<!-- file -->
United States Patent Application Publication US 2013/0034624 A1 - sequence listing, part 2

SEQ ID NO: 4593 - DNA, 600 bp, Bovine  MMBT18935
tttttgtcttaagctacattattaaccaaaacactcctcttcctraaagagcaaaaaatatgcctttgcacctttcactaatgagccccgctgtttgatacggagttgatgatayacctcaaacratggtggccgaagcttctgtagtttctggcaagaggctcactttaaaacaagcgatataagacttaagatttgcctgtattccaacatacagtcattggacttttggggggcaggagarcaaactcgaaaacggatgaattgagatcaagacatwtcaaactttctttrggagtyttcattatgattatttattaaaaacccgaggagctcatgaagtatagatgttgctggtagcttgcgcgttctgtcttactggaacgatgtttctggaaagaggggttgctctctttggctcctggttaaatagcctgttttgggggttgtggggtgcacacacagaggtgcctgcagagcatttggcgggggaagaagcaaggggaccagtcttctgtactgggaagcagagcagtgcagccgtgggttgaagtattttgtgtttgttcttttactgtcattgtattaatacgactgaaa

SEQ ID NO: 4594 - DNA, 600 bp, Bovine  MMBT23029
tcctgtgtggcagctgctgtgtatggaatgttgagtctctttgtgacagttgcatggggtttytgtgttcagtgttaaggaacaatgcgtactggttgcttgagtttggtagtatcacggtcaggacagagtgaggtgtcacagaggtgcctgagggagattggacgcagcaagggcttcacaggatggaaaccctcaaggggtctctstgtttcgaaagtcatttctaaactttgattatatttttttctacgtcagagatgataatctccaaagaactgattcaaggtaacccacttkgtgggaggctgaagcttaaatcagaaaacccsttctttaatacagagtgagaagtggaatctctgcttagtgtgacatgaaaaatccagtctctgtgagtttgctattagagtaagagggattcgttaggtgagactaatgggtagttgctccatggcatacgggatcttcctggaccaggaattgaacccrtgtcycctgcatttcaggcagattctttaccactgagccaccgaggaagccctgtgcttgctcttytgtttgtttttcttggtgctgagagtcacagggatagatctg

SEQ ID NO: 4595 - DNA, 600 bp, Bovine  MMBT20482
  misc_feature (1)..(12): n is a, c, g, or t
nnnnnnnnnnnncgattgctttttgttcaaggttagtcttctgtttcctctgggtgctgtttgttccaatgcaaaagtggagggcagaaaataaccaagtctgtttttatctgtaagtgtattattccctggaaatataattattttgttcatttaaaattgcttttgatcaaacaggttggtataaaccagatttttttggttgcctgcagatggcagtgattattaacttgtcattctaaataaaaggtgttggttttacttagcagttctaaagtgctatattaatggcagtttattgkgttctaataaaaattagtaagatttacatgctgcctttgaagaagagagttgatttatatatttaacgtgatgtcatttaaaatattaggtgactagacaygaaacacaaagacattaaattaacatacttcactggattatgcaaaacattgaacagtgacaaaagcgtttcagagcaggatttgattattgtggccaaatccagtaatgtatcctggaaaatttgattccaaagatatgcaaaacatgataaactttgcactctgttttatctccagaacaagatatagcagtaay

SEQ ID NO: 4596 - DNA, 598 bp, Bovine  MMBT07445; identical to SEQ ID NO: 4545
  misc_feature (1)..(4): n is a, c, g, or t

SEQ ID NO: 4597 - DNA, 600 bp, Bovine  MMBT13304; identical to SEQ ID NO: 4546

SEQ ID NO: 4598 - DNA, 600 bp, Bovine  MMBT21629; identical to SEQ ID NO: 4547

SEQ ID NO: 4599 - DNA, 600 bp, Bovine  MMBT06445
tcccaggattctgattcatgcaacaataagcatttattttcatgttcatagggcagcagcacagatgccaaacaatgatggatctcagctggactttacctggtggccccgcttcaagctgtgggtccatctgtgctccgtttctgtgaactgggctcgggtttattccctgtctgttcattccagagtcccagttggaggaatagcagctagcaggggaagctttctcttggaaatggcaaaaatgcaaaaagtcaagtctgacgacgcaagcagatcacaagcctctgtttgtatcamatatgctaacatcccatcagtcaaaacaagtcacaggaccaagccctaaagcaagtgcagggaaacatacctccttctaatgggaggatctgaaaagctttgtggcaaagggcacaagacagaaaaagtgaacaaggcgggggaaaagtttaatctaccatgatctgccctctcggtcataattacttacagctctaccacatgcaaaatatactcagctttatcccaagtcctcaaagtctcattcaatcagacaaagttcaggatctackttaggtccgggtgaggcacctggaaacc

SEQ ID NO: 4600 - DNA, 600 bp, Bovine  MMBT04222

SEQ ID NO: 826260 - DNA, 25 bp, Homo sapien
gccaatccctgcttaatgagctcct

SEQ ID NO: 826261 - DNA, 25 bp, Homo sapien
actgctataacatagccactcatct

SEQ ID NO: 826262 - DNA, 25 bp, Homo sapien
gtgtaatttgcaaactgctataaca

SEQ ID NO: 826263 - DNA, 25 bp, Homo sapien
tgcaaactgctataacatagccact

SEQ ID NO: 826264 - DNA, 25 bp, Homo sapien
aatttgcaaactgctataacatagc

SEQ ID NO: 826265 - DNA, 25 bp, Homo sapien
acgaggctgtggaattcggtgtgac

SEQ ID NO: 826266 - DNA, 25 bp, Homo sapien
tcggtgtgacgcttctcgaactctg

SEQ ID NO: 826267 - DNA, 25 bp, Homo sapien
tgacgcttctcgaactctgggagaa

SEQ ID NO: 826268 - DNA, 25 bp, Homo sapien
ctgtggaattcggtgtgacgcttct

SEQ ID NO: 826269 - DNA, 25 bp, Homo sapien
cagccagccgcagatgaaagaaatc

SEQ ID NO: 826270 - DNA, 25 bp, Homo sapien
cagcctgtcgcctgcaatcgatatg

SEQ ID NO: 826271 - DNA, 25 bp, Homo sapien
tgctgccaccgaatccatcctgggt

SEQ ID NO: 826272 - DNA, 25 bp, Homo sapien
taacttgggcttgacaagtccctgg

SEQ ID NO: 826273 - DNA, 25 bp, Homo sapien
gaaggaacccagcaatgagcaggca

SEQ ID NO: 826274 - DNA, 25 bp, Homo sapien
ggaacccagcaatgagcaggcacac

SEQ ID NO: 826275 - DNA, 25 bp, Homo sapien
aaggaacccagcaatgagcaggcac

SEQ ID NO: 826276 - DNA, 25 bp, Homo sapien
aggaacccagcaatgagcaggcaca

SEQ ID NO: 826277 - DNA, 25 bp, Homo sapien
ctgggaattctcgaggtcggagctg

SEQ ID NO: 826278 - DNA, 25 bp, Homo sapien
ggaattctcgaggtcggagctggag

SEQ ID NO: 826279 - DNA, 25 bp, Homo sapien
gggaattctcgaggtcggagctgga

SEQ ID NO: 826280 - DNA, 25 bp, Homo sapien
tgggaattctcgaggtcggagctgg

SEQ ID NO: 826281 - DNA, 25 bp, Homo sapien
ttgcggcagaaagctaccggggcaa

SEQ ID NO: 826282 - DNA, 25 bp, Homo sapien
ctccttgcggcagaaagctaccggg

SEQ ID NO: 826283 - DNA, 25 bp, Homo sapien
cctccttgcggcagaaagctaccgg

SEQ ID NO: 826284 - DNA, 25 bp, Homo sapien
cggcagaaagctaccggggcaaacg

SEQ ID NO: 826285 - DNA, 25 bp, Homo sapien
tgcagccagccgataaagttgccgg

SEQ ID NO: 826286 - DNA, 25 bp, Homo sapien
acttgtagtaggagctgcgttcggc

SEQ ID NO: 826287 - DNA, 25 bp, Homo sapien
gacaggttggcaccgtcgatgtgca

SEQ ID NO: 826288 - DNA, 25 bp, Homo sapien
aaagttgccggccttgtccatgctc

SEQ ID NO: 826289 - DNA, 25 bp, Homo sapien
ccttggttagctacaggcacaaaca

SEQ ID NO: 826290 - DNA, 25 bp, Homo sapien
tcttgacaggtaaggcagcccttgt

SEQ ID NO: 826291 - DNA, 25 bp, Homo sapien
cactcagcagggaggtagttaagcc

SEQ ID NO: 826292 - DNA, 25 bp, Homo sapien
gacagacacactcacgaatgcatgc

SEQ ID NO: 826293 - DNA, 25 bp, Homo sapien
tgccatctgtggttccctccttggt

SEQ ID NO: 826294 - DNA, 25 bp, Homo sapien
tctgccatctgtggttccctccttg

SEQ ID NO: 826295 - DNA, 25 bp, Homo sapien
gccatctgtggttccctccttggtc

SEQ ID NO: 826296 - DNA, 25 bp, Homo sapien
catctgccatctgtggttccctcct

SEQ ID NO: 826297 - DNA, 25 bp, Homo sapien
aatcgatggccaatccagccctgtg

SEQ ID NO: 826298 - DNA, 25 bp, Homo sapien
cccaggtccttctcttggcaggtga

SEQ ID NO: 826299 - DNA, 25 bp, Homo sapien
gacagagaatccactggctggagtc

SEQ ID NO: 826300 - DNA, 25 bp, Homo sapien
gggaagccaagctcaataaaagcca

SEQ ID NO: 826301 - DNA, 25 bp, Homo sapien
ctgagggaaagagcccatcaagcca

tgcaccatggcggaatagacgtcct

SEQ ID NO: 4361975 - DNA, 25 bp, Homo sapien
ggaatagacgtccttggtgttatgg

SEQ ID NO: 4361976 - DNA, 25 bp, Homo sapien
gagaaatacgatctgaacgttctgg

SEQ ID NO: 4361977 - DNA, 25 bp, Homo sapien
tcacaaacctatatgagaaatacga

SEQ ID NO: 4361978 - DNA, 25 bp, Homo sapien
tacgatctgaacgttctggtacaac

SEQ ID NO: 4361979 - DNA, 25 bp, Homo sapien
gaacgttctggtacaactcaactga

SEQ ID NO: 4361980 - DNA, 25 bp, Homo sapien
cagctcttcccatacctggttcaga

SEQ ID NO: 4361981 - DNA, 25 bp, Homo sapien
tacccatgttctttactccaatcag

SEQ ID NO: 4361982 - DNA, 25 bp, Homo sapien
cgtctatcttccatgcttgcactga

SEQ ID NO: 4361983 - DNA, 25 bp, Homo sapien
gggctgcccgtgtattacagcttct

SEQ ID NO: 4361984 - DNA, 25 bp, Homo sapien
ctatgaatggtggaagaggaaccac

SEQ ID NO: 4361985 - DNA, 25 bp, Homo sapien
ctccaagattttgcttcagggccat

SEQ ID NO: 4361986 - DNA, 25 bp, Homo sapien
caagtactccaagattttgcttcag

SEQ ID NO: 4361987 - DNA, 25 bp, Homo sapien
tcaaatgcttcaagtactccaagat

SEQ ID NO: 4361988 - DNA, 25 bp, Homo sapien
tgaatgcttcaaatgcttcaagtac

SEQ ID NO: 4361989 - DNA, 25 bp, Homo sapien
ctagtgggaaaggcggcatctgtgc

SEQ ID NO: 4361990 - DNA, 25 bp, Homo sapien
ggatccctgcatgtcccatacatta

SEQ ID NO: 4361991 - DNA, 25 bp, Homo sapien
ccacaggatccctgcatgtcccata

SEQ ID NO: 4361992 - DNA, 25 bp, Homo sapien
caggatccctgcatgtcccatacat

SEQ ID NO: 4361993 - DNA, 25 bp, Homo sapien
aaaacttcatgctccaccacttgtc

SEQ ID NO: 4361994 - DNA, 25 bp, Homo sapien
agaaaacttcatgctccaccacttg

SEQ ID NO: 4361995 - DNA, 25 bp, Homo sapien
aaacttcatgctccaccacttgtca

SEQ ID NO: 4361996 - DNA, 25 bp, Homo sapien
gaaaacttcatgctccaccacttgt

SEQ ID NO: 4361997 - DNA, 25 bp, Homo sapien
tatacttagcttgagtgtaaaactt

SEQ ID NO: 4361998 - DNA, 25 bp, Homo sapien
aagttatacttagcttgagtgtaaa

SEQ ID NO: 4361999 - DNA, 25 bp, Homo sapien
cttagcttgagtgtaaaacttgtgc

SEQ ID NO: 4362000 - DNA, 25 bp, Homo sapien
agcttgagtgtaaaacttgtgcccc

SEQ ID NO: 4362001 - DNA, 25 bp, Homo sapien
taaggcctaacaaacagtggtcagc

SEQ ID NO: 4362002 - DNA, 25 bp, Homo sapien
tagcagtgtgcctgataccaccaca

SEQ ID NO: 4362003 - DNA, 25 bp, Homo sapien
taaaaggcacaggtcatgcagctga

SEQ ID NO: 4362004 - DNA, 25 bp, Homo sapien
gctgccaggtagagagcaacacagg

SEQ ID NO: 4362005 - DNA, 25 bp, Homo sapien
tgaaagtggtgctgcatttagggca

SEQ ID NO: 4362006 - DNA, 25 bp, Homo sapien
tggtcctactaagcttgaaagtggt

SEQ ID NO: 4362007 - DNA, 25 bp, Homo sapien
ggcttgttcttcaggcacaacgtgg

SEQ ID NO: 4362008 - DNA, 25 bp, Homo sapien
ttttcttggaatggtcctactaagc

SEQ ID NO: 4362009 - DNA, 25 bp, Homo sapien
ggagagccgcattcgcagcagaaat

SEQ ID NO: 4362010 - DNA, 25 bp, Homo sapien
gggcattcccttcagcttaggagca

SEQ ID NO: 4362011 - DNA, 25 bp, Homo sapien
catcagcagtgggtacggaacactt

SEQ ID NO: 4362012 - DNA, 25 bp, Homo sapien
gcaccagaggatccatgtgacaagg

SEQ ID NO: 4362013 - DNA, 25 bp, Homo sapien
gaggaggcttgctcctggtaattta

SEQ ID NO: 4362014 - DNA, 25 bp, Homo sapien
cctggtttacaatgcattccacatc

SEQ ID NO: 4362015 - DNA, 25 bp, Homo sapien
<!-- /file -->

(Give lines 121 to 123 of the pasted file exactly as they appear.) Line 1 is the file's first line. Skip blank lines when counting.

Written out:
SEQ ID NO: 4361985 - DNA, 25 bp, Homo sapien
ctccaagattttgcttcagggccat

SEQ ID NO: 4361986 - DNA, 25 bp, Homo sapien